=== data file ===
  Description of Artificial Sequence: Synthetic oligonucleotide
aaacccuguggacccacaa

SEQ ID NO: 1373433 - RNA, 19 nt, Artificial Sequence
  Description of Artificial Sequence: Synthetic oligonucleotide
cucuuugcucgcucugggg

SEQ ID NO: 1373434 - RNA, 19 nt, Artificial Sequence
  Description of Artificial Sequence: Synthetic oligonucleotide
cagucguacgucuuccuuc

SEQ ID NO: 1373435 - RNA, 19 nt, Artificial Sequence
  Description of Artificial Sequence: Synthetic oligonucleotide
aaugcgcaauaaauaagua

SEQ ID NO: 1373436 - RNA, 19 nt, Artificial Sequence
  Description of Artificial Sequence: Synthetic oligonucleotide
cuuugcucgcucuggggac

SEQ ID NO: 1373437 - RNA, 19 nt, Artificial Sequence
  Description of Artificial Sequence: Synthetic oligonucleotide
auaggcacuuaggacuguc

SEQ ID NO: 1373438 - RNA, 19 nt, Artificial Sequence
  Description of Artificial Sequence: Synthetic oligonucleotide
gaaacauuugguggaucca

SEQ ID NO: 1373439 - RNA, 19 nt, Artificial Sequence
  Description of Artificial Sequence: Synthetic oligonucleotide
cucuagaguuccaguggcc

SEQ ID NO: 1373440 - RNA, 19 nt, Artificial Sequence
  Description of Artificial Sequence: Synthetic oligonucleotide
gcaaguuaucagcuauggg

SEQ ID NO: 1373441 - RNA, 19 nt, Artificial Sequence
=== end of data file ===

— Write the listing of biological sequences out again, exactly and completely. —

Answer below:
  Description of Artificial Sequence: Synthetic oligonucleotide
aaacccuguggacccacaa

SEQ ID NO: 1373433 - RNA, 19 nt, Artificial Sequence
  Description of Artificial Sequence: Synthetic oligonucleotide
cucuuugcucgcucugggg

SEQ ID NO: 1373434 - RNA, 19 nt, Artificial Sequence
  Description of Artificial Sequence: Synthetic oligonucleotide
cagucguacgucuuccuuc

SEQ ID NO: 1373435 - RNA, 19 nt, Artificial Sequence
  Description of Artificial Sequence: Synthetic oligonucleotide
aaugcgcaauaaauaagua

SEQ ID NO: 1373436 - RNA, 19 nt, Artificial Sequence
  Description of Artificial Sequence: Synthetic oligonucleotide
cuuugcucgcucuggggac

SEQ ID NO: 1373437 - RNA, 19 nt, Artificial Sequence
  Description of Artificial Sequence: Synthetic oligonucleotide
auaggcacuuaggacuguc

SEQ ID NO: 1373438 - RNA, 19 nt, Artificial Sequence
  Description of Artificial Sequence: Synthetic oligonucleotide
gaaacauuugguggaucca

SEQ ID NO: 1373439 - RNA, 19 nt, Artificial Sequence
  Description of Artificial Sequence: Synthetic oligonucleotide
cucuagaguuccaguggcc

SEQ ID NO: 1373440 - RNA, 19 nt, Artificial Sequence
  Description of Artificial Sequence: Synthetic oligonucleotide
gcaaguuaucagcuauggg

SEQ ID NO: 1373441 - RNA, 19 nt, Artificial Sequence